I’m an associate professor and Blue Cross of California Distinguished Professor at the Berkeley School of Public Health. My research and teaching focus on the intersection of machine learning and health.

I’m interested in how machine learning can help doctors make better decisions (like whom to test for heart attack), and help researchers make new discoveries—by ‘seeing’ the world the way algorithms do (like finding new causes of pain that doctors miss, or linking individual body temperature set points to health outcomes).

I’m cautiously optimistic about machine learning, but I’ve also showed how widely-used algorithms affecting millions of patients automate and scale up racial bias. That work has impacted how many organizations build and use algorithms, and how lawmakers and regulators hold AI accountable.

In a previous research life, I worked in global health—developing new methods to quantify adult mortality, and showing that war kills more people than most people believe.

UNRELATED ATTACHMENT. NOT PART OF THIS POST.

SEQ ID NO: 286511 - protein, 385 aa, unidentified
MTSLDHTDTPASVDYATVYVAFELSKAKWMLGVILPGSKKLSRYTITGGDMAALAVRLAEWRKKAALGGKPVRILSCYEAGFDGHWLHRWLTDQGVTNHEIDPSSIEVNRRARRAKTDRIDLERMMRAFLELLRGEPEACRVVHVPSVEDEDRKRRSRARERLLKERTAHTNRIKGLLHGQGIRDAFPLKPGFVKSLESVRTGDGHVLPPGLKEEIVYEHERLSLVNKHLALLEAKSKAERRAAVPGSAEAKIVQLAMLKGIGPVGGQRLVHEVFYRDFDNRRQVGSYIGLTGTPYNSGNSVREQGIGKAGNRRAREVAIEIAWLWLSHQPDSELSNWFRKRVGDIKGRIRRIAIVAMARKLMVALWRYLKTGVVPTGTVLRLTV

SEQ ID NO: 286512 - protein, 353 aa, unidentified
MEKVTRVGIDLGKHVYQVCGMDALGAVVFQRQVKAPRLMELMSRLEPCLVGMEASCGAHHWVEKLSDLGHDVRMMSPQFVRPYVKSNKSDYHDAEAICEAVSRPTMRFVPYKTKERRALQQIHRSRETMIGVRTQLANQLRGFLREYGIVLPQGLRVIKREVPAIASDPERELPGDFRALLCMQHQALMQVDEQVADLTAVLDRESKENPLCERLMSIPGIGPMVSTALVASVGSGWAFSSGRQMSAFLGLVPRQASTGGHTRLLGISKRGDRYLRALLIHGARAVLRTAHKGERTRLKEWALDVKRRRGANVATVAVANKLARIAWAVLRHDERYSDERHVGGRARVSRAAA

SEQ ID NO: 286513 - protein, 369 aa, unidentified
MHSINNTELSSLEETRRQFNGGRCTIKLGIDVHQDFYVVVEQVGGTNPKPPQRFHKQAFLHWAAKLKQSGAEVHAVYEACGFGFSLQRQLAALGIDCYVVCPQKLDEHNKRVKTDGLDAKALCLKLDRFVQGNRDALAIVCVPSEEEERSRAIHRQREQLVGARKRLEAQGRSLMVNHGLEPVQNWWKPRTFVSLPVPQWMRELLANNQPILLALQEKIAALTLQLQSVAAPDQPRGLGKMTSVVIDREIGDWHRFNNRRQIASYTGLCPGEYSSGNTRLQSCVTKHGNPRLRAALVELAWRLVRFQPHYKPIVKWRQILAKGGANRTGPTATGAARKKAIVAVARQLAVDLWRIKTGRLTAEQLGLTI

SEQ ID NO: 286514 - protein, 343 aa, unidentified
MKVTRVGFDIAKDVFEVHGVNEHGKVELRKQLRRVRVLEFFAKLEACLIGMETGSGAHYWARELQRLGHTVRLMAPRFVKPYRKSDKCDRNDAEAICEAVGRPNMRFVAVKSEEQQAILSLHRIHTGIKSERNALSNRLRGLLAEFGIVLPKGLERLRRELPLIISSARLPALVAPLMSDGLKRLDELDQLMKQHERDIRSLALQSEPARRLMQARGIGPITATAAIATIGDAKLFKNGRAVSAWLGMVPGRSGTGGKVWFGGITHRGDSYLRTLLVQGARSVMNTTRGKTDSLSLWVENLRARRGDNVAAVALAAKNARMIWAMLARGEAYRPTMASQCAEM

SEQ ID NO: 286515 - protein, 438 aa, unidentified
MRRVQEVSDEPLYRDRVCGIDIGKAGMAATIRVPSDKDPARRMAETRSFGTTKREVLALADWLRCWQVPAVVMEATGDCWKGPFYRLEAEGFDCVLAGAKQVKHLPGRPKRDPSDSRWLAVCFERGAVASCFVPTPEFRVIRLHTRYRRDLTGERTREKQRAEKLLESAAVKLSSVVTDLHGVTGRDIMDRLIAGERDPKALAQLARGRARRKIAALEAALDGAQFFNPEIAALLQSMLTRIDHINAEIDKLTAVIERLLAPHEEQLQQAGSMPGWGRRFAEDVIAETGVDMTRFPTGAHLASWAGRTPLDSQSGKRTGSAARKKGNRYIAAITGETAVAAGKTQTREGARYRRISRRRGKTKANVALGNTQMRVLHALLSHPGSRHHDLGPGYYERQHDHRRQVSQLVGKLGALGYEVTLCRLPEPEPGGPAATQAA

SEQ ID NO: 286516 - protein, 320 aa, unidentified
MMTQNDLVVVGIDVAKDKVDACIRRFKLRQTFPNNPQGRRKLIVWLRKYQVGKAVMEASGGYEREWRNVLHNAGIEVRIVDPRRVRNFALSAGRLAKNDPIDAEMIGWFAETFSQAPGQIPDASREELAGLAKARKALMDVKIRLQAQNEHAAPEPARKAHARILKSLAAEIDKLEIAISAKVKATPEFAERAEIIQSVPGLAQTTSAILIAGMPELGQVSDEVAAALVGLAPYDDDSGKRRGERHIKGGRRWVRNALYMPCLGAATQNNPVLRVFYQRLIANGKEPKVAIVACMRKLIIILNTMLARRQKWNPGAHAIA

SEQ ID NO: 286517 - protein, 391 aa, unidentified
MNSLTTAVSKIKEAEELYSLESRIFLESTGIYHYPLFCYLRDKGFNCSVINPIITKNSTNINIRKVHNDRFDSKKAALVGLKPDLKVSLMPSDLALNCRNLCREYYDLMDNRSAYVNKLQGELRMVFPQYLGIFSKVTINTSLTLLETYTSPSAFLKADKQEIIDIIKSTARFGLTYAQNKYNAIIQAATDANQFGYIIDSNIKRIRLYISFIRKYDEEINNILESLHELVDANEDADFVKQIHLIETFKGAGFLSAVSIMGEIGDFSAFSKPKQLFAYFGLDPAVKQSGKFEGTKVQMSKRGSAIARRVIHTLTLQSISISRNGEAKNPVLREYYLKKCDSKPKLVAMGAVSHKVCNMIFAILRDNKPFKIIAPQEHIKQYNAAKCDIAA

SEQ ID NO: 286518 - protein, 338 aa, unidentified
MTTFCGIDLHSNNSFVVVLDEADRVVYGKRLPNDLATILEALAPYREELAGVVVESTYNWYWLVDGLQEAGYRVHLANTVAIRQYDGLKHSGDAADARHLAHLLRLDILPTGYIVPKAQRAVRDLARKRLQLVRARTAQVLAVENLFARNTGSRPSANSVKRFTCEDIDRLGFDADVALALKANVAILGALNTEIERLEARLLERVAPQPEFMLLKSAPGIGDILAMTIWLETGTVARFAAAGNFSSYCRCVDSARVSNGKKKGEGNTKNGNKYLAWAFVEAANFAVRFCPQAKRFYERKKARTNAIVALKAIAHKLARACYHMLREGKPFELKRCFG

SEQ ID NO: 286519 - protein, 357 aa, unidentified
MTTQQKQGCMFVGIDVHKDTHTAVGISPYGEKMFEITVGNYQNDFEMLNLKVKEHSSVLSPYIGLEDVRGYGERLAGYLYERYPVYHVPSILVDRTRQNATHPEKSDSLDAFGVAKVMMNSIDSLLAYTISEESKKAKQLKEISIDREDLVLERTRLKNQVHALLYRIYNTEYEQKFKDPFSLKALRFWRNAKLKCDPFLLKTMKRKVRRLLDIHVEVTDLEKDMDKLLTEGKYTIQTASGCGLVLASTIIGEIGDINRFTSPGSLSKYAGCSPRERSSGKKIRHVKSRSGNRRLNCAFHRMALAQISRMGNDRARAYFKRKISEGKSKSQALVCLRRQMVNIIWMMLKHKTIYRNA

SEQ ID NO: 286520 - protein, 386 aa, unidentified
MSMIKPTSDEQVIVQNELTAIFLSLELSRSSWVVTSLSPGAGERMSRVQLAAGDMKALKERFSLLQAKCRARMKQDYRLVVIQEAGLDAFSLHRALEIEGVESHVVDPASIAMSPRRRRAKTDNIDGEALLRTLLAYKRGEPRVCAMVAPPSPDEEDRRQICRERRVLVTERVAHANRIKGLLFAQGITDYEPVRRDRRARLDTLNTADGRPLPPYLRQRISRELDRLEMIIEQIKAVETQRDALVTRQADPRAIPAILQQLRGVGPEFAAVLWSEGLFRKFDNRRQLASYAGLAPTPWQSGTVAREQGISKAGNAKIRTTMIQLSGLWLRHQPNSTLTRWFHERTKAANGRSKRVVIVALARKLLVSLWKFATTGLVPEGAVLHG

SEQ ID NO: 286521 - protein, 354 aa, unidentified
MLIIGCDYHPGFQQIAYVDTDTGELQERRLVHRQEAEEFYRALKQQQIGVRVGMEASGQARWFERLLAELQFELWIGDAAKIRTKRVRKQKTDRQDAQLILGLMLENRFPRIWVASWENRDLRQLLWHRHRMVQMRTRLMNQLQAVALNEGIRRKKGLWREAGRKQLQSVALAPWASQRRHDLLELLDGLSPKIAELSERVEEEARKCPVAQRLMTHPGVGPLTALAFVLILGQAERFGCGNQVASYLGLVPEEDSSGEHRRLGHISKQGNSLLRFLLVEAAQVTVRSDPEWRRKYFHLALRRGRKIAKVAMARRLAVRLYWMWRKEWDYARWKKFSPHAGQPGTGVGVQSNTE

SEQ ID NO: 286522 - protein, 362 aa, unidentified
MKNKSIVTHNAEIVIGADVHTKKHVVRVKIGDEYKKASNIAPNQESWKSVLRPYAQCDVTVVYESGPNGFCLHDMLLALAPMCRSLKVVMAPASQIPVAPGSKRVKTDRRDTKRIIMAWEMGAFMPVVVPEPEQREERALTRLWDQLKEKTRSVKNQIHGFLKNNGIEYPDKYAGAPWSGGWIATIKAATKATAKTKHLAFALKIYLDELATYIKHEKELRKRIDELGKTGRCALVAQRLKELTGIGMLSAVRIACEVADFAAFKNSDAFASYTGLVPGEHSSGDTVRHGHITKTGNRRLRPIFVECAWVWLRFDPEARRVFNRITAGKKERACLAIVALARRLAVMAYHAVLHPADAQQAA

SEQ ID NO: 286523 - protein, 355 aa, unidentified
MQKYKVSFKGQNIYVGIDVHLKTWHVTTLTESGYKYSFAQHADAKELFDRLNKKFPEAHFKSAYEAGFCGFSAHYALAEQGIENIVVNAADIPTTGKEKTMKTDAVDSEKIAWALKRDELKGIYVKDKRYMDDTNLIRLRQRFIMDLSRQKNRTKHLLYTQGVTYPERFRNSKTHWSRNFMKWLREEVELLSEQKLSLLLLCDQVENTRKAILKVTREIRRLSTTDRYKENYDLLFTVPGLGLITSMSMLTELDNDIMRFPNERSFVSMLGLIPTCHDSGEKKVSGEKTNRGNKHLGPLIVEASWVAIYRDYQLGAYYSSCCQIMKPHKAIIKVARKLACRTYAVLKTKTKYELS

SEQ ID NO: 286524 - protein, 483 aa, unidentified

I’m a co-PI of a lab, joint between Berkeley and U Chicago, that builds algorithmic tools to improve decision-making and deepen understanding in health.

I co-founded Nightingale Open Science, a non-profit that makes massive new medical imaging datasets available for research—to read more, see our comment in Nature Medicine, and media coverage in the FT, Wired, and Stat). I also co-founded Dandelion, a data platform to jump-start AI innovation in health.

I’m a Chan Zuckerberg Biohub Investigator, a Faculty Research Fellow at the National Bureau of Economic Research, and was named an Emerging Leader by the the National Academy of Medicine. Before Berkeley, I was an Assistant Professor at Harvard Medical School. I trained in emergency medicine, and still love practicing (here).

A short CV is here. Bios of various lengths, talk abstracts, disclosures, and high resolution picture are here.

Contact: zobermeyer at berkeley edu* | Twitter: @oziadias

*I’m so sorry if I don’t respond to an email—please don’t hesitate to resend it. I struggle to stay on top of my inbox, and often fail.